Happy Studying!

Update (04.24.13)
The Pathology deck has been revamped and updated, and is now for sale here on the site. You can find it here: DrWillBe Pathology Anki Deck

All other decks are still available for free. You can find them here


  1. Is it possible to review all the cards you have created for a day without impinging on a "schedule system," of let's say 20 new cards per day?

  2. It depends on how many cards you make. If you're extremely 'stingy' with card making, then maybe you'll just have 20 cards. It depends on what you judge to be card-worthy. If you want to lessen your burden and you only want to reserve cards for the super duper high yield factoid, then you may be able to get away with 20 new cards.

    But in all likelihood, you will make a lot more cards than that since there is just so much to remember. One way to lessen your daily load is to spread out your readings so as to make your card review manageable. The other is to just do more cards per day. I set the upper limit at 100 new cards/day. If you do much more than that, you're going to get overwhelmed and they'll all come due at the same time. Not good.

    Hope that helps.

  3. Which software can be used to open the anki files if downloaded to dropbox?

  4. Ummm.. Anki :)

    Download Anki for your desktop.
    Then download the files from Dropbox to your desktop. Go to Anki. Open them from there. Take the media to your desktop too.

  5. Having read through a lot of what you have written, I think we learn things similarly. I really like the idea of using Anki as much as I can, because so many things about it seem superior to a lot of 'traditional' methods of studying (and the way that I have learned stuff up to this point).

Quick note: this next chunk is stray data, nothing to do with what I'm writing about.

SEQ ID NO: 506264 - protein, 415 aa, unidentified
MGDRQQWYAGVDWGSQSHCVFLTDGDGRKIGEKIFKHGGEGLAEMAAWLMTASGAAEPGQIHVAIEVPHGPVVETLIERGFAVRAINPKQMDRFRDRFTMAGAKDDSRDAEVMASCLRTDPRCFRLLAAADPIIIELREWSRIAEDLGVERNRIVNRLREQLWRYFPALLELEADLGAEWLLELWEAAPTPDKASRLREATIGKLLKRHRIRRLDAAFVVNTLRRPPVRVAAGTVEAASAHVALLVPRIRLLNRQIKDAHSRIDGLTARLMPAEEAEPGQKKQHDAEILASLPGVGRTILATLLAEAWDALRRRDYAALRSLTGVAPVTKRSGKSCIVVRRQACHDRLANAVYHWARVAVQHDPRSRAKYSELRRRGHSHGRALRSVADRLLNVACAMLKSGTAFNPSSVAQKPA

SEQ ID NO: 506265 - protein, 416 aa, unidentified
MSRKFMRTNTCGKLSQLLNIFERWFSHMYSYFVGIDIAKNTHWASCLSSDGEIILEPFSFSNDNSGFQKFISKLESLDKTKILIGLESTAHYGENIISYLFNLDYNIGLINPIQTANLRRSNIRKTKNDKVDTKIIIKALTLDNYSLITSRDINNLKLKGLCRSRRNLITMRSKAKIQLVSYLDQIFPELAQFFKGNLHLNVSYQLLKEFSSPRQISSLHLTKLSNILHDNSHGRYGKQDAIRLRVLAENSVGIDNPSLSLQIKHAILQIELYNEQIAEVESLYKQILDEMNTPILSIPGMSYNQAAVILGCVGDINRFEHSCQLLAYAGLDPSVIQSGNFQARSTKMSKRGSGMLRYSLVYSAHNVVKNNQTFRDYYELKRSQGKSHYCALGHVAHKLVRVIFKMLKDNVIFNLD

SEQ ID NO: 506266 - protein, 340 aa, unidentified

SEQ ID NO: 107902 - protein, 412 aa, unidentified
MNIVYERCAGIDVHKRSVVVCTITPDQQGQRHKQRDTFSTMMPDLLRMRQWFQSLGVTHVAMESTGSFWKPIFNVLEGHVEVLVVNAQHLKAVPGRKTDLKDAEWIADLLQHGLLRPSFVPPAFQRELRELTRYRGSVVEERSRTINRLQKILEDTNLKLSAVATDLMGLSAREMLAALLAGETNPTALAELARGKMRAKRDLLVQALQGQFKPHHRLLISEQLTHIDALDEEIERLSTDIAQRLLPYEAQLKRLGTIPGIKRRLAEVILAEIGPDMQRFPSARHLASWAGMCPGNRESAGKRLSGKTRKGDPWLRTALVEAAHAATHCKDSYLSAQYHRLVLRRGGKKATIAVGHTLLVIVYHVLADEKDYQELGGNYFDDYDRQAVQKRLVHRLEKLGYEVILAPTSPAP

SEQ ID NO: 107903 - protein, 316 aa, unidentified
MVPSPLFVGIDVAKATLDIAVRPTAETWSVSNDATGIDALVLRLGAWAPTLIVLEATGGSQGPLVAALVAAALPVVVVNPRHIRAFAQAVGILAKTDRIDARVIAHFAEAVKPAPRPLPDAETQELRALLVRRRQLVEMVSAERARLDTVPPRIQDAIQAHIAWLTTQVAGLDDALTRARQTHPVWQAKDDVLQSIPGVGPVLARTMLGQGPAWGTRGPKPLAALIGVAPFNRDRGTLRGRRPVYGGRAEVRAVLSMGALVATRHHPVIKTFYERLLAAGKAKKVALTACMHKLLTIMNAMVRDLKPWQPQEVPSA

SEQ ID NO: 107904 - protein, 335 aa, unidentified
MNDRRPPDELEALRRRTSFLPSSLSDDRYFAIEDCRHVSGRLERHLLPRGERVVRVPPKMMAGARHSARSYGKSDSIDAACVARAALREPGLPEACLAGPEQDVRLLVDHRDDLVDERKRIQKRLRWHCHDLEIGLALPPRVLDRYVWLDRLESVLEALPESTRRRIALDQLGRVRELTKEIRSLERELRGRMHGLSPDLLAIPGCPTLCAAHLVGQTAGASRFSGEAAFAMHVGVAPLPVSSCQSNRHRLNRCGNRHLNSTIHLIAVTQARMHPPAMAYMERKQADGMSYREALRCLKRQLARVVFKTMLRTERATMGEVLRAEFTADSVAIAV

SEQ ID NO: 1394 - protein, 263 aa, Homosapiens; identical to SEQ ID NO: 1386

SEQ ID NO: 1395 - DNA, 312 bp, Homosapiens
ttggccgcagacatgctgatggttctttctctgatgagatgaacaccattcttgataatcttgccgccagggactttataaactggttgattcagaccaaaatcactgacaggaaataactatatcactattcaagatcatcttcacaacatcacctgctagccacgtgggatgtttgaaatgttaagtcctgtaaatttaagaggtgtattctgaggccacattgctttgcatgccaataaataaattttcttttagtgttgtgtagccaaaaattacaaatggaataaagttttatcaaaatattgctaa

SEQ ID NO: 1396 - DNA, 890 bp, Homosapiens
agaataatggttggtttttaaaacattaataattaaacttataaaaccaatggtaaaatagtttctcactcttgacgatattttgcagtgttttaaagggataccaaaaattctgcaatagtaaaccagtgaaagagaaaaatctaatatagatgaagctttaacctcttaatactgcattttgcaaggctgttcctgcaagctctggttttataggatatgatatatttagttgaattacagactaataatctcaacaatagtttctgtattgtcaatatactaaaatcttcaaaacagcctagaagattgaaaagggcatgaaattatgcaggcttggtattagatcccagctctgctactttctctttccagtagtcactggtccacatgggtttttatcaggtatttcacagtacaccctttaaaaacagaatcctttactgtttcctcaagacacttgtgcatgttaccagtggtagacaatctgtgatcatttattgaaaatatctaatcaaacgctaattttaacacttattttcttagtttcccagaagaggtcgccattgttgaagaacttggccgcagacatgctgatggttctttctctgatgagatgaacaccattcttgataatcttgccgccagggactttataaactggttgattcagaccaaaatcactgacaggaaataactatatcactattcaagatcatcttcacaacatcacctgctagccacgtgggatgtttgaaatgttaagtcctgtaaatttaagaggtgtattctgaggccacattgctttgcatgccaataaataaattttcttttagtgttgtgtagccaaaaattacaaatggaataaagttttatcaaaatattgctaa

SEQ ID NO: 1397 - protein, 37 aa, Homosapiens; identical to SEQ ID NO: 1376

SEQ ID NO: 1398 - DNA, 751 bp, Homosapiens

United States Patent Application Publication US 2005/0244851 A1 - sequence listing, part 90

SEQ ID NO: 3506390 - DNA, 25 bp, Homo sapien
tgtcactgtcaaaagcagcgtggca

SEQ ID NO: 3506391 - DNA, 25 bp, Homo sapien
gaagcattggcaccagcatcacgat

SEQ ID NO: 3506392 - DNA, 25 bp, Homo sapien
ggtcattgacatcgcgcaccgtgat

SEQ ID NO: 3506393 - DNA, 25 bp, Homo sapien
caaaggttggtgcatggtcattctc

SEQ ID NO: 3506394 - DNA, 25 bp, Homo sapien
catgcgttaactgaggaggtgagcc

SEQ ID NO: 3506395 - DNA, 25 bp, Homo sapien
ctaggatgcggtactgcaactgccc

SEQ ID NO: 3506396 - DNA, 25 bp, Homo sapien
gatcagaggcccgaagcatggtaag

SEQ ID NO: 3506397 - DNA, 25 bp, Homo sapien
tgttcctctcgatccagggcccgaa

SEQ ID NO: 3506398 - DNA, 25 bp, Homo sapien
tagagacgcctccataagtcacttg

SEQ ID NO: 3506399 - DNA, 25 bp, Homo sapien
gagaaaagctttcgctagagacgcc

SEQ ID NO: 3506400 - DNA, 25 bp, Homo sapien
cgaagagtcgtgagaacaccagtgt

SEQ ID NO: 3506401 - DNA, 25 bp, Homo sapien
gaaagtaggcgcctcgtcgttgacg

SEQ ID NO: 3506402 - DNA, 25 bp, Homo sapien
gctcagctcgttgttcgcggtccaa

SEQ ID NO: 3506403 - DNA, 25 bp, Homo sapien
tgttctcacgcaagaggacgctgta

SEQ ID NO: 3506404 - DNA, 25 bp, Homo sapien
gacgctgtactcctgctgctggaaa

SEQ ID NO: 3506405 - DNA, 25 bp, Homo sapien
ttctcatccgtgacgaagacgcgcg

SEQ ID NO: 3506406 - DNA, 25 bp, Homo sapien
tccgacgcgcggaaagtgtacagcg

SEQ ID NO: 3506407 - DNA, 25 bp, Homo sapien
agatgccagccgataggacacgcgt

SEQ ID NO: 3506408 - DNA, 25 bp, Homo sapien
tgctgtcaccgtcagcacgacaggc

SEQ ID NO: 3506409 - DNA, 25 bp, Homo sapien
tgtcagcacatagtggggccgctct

If you were me, how would you prepare from the start? Incorporate First Aid from day 1 of school, making cards from FA of topics that I'm covering in class? Sorry if you have covered this somewhere else and I just haven't seen it. Some of the med school lingo is unfamiliar to me.


  6. Hey, thanks so much for the deck and the tips! They are so helpful. I noticed that the media folder for microbiology in Dropbox had corrupt images. Considering how helpful the deck has been to me, I hate asking the next question, but would it be possible for you to re-upload that media file? If it's not too big of a hassle I would extremely appreciate it. :)

  7. OK so it looks like I've got a lot of anonymous questions here :)

    To the first one @ 8:40 PM

    I think Spaced Repetition (Anki) works for just about everyone because it is consistent with the way our brains work. That's the basis for all of this. I sometimes wonder how other people study without cards or questions of some sort. God bless them if they can just read a dense book chapter and retain all that information. But for the rest of us, we need good tools. Anki is one of the best I think.

    As to First Aid from day 1, I would say yes. Absolutely. Conventional wisdom goes something like this: "Oh, dont' worry about FA in first year. You're going to forget all that anyway. Just focus on class. Or maybe annotate. But don't worry about First Aid just yet." If we presume that you're going to forget a lot of stuff, then yes, First Aid might well be a waste of time. But with a spaced repetition flashcard program, First Aid from day 1 makes total sense. As you go through your class studies, make cards to capture everything relevant in First Aid. Most likely there will be great overlap between First Aid and your classwork. No doubt your class will go more in depth. But that level of detail will not be worth your time to capture in cards, I think. First Aid is a good baseline goal for any medical student using Anki to aim for. Anything more is bonus. But only do as much as you can manage without getting overwhelmed.

    Good luck.

    1. Hi. I love your flashcards. Thank you. Will you describe how pleased you have been with your retention of basic science now that you are a third year? Do you still use your Step 1 flashcards even though you've moved on to Step 2 studying? What made you stop using gunner training? Sorry for so many questions, but I use pathoma for the aerial view before lectures, anki for lecture note-taking, and gunner training for longevity. I am sad I did not think of making pathoma anki cards back in August!